The Effect of Various Wound Dressings on the Activity of Debriding Enzymes

Department of Research and Development, Healthpoint, Ltd, Fort Worth, Texas, USA.
Advances in skin & wound care (Impact Factor: 1.11). 10/2010; 23(10):456-62. DOI: 10.1097/
Source: PubMed


To understand the compatibility between the debriding enzymes collagenase and papain, and various wound dressings.
The extracts from a silver dressing (Acticoat; Smith & Nephew, St Petersburg, Florida), iodine dressings (Iodoflex and Iodosorb; Smith & Nephew), a pigment-complexed polyvinyl alcohol (PVA) dressing (Hydrofera Blue; Healthpoint, Ltd, Fort Worth, Texas), and collagen dressings (Hydrofera Blue and FibraCol Plus; Systagenix Wound Management, Quincy, Massachusetts) were examined in vitro with collagenase and papain (papain was used in papain-urea debriding agents, no longer available on today's US market).
All testing was in vitro and performed at Healthpoint, Ltd.
Testing was not performed using human or animal subjects. All in vitro testing was conducted in the lab using artificial wound eschar substrate and other lab equipment.
The main outcome measure was percent collagenase and papain activity lost when combined with each type of dressing tested.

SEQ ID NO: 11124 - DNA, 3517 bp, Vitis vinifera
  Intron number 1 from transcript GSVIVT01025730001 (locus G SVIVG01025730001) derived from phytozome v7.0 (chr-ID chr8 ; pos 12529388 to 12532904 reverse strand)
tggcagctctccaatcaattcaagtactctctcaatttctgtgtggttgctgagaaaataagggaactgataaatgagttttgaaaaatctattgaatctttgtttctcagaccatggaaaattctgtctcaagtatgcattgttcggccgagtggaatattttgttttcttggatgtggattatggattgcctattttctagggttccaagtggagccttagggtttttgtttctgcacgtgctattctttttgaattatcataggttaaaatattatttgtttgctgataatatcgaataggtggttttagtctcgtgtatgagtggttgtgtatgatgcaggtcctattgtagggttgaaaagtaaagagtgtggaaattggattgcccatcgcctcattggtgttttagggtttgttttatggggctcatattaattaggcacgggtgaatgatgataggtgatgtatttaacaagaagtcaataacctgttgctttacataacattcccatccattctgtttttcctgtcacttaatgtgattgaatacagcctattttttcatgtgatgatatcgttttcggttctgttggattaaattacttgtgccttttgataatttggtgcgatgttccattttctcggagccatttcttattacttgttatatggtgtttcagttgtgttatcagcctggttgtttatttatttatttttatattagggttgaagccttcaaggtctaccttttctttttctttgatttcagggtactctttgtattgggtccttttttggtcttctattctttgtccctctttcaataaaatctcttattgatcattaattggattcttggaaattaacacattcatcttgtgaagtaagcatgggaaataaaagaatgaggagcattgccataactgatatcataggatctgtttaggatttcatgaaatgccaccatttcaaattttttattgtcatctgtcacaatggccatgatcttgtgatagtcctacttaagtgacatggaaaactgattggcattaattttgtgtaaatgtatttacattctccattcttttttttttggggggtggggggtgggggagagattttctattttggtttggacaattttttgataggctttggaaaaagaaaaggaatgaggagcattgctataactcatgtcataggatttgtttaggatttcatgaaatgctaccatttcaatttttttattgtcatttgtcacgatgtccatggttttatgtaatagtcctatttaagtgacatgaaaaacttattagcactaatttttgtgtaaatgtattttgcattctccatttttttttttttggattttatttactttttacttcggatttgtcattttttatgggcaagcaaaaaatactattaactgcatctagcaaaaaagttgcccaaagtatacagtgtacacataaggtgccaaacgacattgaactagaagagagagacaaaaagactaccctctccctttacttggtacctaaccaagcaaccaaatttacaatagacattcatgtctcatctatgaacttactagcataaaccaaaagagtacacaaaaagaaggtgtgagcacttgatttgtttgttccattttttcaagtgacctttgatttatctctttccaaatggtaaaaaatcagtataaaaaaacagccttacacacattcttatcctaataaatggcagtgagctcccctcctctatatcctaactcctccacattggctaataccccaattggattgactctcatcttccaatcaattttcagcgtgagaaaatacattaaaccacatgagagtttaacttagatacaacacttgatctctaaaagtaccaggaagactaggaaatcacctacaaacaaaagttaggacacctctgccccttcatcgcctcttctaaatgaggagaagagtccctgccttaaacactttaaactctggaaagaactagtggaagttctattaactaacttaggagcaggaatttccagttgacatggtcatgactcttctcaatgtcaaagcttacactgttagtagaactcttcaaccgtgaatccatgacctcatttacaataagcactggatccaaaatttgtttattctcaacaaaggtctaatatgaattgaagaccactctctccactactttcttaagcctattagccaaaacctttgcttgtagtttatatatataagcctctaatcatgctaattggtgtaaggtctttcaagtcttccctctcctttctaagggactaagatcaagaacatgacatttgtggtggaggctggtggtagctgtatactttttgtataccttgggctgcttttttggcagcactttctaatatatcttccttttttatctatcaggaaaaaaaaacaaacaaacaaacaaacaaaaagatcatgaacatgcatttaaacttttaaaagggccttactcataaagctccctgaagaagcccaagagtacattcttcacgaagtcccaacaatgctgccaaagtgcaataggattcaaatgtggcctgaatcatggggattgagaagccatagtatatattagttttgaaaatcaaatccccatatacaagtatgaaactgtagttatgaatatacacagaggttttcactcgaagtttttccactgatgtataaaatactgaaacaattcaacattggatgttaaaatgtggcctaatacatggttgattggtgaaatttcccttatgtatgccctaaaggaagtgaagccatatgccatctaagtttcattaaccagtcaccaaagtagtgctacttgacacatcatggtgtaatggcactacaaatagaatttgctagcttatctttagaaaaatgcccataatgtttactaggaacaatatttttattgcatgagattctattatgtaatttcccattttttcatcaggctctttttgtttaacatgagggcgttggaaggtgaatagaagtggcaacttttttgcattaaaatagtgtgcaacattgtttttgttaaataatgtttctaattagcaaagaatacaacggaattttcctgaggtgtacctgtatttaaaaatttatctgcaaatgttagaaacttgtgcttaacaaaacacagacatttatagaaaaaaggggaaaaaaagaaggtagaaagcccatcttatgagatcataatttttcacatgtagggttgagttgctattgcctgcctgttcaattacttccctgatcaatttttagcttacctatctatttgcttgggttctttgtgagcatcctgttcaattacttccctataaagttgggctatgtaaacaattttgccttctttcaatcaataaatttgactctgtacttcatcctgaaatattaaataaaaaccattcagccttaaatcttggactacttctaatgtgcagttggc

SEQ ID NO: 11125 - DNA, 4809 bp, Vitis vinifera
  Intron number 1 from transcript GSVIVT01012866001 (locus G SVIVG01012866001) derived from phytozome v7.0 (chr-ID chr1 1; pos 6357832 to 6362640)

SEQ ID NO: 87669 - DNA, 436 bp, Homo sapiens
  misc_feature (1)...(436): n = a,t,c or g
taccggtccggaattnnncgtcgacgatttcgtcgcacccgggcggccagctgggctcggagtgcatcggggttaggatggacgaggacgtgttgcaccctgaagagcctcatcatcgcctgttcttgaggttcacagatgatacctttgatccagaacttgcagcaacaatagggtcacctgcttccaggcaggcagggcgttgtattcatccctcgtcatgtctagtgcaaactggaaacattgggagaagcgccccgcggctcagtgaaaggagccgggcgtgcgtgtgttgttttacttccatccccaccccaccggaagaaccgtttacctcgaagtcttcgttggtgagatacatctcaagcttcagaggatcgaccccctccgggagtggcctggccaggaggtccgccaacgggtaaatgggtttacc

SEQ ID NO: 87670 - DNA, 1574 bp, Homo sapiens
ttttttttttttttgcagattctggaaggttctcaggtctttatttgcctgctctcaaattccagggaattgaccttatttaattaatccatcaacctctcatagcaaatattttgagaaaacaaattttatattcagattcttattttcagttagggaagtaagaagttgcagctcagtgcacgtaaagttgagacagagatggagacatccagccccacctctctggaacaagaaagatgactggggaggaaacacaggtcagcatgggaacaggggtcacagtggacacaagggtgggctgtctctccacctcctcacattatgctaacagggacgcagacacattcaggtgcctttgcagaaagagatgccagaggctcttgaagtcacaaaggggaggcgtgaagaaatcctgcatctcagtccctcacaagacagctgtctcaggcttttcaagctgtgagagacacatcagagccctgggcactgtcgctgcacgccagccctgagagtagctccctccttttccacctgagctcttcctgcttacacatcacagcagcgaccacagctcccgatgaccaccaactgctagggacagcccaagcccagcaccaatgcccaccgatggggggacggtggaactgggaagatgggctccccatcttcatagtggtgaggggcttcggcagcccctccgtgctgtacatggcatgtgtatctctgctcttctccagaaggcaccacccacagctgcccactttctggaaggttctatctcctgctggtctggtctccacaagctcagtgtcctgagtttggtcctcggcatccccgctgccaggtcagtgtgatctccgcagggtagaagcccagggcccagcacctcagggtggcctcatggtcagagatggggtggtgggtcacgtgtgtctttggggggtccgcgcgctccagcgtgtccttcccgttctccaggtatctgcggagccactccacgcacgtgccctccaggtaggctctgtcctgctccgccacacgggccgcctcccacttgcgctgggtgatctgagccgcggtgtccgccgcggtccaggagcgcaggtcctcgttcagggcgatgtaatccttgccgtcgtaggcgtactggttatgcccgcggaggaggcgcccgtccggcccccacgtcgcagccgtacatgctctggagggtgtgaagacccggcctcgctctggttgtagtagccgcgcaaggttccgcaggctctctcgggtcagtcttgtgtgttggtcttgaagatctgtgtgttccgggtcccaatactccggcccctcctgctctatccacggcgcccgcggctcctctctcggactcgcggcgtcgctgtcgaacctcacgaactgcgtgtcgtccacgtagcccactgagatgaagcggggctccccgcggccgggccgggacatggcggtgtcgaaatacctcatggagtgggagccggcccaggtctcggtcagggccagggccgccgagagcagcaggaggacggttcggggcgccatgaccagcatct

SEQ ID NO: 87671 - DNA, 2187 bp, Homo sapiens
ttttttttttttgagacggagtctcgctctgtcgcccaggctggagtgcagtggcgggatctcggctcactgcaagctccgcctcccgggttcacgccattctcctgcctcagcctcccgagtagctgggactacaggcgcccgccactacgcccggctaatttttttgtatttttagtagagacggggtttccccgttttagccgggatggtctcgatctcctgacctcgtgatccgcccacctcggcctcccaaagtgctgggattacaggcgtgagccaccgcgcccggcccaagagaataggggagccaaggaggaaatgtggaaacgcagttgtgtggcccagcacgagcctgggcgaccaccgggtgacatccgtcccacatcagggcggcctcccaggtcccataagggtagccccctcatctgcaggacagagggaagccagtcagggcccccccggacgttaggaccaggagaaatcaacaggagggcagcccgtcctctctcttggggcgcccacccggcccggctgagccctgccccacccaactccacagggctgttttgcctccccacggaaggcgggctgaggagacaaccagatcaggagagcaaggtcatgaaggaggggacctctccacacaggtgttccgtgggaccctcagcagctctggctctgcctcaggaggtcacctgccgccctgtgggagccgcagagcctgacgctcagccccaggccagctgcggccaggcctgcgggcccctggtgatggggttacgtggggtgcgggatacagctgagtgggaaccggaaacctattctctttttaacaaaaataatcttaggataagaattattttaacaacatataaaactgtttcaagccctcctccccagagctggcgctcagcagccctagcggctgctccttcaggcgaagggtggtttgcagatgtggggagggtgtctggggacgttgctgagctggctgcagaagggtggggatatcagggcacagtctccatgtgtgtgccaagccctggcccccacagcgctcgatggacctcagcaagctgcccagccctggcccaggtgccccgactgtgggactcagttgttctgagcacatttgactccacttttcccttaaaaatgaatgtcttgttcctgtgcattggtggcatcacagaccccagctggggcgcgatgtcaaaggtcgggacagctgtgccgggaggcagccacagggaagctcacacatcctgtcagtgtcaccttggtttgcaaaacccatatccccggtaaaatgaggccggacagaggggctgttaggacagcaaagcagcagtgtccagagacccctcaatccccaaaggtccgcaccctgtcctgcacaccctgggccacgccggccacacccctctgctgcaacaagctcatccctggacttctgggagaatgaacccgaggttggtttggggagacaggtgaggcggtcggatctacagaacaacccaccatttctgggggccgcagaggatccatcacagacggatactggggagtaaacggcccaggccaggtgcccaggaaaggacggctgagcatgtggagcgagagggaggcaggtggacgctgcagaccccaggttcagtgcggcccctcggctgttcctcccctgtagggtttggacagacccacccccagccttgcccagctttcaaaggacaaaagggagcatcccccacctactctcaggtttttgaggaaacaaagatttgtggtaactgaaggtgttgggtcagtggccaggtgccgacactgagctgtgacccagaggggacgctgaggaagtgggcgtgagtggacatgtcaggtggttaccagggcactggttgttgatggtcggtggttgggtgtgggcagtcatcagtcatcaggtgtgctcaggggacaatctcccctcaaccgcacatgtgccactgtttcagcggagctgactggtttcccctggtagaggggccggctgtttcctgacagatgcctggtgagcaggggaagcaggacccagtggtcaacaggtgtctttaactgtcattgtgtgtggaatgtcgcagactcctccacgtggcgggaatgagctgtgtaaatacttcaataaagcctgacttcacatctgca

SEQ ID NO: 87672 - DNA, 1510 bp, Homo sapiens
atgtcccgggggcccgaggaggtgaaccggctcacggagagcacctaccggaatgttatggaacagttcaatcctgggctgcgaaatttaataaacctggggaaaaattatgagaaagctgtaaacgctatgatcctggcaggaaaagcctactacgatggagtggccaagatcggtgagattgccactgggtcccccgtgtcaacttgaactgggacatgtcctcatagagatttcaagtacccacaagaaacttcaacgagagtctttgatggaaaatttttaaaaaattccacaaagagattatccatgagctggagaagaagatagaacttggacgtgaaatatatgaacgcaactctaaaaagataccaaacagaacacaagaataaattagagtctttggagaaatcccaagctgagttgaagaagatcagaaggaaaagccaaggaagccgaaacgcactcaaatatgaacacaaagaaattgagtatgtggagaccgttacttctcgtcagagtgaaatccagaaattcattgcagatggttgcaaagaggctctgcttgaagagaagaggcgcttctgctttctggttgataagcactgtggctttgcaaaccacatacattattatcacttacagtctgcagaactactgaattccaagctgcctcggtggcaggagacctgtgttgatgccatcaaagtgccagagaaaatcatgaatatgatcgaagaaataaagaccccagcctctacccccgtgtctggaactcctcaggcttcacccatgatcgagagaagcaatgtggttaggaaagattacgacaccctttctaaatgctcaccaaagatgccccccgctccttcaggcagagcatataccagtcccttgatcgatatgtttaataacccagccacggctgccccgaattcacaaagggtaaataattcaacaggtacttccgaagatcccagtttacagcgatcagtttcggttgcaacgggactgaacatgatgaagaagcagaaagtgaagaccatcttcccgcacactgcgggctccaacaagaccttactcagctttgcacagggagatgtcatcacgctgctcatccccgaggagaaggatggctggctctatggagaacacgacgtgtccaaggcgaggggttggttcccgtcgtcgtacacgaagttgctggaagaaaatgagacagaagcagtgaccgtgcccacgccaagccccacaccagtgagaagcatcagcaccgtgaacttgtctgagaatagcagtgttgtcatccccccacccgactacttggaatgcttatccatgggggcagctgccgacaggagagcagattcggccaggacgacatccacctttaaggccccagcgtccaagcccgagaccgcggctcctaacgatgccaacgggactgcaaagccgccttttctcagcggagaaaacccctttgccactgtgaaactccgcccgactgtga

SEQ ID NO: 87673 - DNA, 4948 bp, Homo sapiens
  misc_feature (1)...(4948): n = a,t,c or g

The results demonstrated that the pigment-complexed polyvinyl alcohol dressing and the collagen dressing were compatible with collagenase, whereas the iodine dressings inhibit the activity of collagenase. The nanocrystal silver dressing (Acticoat) caused more than a 50% loss in activity when combined with collagenase. Papain displayed varying levels of inhibition with all dressings tested with the enzyme. The iodine dressings significantly inhibit papain activity, whereas the other dressings exhibited inhibitory activity ranging from 10% to 30%.
Antimicrobial dressings are widely used for management of wound bioburden. Frequently, they are used in combination with other topical therapeutic drugs, such as enzymatic debriding agents for the removal of wound necrotic tissues. Such combined applications may have greater potential to achieve multiple healing activities simultaneously, including exudate and bioburden management, debridement, and tissue regeneration. Overall, the authors' testing found that collagenase was observed to be more tolerant when used with the dressings tested than papain. These findings merit further exploration in clinical wounds to confirm clinical validity.

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